Efficient distribution. A revocable trust can reduce delays in t istributing your property after you die, although delays caused by filing an estate tax return cannot be avoided.
Confidentiality. Generally the terms of your living trust are confidential, with only your named beneficiaries and trustee having access to that information.
Continuity. A trust can provide continuity of management of your property after your death or incapacity.
Disadvantages of a Revocable Living Trust
Expenses of planning. A revocable living trust can be a little more complicated than a will to draft, and asset transfers can take time and can result in additional costs.
Expenses of administration. If you appoint a bank or trust company as trustee, you will have fees to pay (though these may take the place of investment advisory fees and other fees you are already paying). Of course if you do not use these services, this additional expense will not apply. Setting up a revocable living trust will not eliminate the need for professional services of attorneys and accountants in the future.
Inconvenience. Once the trust is established, you must be sure that trust books are maintained and that all assets continue to be registered to the trustee. Again, this is not a large issue but certainly is something to consider.
Unforeseen problems. Revocable living trusts can raise a variety of new problems regarding the ability to borrow against property, title insurance coverage, real estate in other countries, Subchapter-S stock, certain pension distributions, and many other issues. Only a skilled attorney familiar with estate planning can tell you whether, on the whole, a revocable living trust is right for you, your family and your assets.
In this author’s opinion, the advantages far out weight the disadvantages
This is based on an posting by the Oregon State Bar
The “typical” client 20 years ago was very concerned about ending up in probate after their passing. I am not sure if this came from all the advertised estate planning seminars that used this to scare people into living trusts, or more accurately stated, buying their financial products. Probate is certainly still a concern for many clients, which in this writer’s opinion isn’t the terrible process it is made out to be. The bigger concern now is a client’s possible dementia or incapacity in later years.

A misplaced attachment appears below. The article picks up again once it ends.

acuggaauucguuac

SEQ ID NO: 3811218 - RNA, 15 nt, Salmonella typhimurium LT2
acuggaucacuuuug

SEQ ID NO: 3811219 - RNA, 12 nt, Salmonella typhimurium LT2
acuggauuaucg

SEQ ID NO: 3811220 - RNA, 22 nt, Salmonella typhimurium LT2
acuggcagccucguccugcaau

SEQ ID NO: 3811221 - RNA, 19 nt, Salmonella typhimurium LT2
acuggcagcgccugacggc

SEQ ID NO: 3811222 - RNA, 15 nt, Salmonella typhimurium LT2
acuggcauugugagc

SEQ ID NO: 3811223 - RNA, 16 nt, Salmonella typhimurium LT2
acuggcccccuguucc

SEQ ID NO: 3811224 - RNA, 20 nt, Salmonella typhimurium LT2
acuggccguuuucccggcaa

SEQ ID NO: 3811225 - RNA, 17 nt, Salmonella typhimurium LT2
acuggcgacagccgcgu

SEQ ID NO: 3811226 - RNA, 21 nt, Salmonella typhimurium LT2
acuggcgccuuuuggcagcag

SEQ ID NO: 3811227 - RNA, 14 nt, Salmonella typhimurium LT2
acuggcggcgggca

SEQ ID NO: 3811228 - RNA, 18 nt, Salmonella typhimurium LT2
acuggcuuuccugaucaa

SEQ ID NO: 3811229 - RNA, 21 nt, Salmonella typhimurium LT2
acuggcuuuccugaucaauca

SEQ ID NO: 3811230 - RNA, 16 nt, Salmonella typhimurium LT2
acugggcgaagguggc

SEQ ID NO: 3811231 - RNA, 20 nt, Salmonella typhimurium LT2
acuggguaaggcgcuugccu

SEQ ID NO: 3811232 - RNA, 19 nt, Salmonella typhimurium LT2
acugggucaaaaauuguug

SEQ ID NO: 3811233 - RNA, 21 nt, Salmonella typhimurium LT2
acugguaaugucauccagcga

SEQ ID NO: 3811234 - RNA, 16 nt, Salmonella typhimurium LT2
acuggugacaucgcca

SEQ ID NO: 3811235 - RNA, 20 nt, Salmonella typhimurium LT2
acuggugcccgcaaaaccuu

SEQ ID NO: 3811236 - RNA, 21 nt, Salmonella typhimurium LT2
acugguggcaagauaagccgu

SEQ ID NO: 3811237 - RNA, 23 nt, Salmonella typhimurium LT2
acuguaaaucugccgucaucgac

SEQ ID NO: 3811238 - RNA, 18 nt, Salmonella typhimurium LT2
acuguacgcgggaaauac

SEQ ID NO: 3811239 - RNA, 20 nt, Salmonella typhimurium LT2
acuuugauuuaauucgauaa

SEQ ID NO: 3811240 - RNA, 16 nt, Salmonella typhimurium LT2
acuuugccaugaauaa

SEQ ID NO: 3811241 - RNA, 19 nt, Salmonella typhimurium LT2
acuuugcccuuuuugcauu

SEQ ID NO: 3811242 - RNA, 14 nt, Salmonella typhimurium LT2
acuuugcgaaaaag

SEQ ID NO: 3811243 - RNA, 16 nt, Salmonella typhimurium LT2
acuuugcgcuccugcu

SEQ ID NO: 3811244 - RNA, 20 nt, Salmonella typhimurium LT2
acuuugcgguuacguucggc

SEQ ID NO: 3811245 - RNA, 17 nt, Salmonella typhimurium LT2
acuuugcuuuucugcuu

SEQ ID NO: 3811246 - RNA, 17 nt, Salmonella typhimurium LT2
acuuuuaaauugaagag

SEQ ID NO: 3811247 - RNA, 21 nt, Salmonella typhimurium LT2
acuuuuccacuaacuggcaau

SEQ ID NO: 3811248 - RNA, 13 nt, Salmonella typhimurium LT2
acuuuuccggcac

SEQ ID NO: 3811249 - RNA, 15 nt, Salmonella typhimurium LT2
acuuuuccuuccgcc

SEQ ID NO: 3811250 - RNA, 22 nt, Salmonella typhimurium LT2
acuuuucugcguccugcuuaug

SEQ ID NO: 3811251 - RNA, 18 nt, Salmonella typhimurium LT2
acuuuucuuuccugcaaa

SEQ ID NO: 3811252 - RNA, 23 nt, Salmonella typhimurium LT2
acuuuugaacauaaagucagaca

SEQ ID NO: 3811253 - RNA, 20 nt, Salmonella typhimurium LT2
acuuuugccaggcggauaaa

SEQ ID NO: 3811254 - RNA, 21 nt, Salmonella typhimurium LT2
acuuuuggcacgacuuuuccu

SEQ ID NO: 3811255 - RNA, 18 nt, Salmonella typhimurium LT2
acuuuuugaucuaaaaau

This is certainly an advantage of a trust over a will. The assets held in trust and an excellent power of attorney for the day to day financial matters are a great way to take care of each individual in later years. If one happens to be unable to care for their own self, their successor trustee and agent under the power of attorney can almost always take care of all their financial matters without court action, conservatorship or governmental involvement.
Everyone should have an estate plan, meaning a Will, powers of attorney, and similar. But when should you have a trust? The benefit of revocable trust include a tool to assist us in the event of our incapacity. Instead of going to court to seek a conservatorship, your chosen one can manage your assets and take care of your financial needs acting as your trustee. No court involvement, much easier transition. Upon your passing, you also will avoid probate. Another public, court procedure, entirely avoided with a trust. The administration of your estate is private, easily administered, and can almost always done outside of the lawyers and court system.